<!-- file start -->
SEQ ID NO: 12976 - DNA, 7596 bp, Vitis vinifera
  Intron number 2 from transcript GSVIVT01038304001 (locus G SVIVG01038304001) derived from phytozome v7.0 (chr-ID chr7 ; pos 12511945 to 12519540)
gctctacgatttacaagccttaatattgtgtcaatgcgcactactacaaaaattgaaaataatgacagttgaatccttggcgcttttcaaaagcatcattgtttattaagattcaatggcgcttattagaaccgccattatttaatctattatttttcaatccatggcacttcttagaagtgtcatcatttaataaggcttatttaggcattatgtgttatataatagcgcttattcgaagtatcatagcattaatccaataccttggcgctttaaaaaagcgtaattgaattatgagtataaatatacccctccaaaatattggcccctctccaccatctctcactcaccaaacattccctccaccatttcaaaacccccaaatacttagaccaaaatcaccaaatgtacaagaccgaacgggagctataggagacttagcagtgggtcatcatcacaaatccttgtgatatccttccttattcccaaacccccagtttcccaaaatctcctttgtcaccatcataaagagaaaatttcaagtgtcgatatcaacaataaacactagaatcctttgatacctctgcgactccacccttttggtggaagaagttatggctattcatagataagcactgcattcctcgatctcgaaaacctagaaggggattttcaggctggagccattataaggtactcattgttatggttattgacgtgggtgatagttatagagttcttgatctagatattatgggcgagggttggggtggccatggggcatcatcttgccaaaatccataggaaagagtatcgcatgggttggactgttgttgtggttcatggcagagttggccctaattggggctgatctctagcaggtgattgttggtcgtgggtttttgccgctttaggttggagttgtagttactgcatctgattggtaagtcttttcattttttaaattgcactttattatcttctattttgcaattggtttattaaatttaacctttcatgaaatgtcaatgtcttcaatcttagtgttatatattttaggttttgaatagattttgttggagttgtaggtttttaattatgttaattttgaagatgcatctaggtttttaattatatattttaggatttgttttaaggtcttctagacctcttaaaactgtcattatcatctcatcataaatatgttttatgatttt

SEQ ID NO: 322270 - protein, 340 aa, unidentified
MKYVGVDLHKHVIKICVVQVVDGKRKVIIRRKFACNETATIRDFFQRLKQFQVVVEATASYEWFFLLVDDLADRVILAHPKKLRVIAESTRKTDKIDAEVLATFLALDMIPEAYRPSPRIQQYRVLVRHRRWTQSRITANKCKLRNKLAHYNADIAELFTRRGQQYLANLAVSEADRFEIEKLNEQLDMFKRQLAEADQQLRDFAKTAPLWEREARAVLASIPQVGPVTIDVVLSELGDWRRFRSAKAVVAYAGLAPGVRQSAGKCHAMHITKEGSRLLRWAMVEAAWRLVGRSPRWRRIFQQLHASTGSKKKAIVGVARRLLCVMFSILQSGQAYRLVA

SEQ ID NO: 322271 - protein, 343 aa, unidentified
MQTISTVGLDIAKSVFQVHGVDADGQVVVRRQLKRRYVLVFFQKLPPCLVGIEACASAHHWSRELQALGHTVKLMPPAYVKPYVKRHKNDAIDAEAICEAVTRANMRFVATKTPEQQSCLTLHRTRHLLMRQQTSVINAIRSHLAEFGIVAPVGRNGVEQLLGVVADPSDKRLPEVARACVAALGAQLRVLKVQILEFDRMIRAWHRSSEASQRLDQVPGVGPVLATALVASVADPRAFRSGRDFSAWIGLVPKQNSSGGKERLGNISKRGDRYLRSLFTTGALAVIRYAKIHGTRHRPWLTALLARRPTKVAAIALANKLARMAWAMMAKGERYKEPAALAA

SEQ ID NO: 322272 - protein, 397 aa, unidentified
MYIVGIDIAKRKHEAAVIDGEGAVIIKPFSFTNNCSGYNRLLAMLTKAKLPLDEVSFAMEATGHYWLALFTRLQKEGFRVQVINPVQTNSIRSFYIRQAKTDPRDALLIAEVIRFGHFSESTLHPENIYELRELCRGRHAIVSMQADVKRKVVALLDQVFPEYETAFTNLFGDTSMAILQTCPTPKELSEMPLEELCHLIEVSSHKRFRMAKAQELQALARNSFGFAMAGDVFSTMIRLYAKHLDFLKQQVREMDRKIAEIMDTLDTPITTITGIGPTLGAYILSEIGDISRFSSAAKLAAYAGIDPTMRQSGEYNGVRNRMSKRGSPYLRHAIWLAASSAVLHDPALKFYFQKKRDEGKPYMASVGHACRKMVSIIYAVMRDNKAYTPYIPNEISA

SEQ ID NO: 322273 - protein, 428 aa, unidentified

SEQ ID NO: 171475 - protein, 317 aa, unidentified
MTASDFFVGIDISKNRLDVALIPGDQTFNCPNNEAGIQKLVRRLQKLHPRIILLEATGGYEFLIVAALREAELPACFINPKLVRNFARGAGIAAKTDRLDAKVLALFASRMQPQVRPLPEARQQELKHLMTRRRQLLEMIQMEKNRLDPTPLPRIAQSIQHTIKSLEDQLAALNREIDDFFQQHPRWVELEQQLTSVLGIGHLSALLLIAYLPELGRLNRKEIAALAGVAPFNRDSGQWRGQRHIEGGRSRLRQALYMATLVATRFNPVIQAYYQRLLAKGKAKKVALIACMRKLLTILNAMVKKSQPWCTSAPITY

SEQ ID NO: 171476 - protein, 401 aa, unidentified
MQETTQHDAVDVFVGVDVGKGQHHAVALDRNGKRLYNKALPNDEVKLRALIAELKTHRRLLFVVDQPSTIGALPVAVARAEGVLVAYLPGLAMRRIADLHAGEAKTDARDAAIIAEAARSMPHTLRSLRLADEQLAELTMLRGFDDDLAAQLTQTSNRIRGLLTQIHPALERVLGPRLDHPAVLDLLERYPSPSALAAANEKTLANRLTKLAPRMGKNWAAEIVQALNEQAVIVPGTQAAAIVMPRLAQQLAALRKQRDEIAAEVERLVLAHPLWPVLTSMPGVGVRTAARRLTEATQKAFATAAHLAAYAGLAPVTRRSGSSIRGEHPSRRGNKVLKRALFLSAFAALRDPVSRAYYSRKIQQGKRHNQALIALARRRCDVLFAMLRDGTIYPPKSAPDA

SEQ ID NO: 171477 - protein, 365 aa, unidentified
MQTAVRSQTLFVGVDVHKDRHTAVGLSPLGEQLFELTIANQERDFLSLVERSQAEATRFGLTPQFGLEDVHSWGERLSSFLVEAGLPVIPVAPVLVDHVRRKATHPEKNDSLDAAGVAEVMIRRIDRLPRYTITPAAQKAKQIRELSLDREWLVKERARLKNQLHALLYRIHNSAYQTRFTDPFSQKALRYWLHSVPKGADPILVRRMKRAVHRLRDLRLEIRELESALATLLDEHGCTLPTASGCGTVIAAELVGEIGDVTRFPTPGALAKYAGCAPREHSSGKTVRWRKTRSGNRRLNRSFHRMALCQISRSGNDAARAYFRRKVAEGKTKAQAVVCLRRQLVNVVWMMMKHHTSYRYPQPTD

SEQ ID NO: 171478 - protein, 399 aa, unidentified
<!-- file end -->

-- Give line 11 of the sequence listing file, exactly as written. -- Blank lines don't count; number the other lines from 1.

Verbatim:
SEQ ID NO: 171475 - protein, 317 aa, unidentified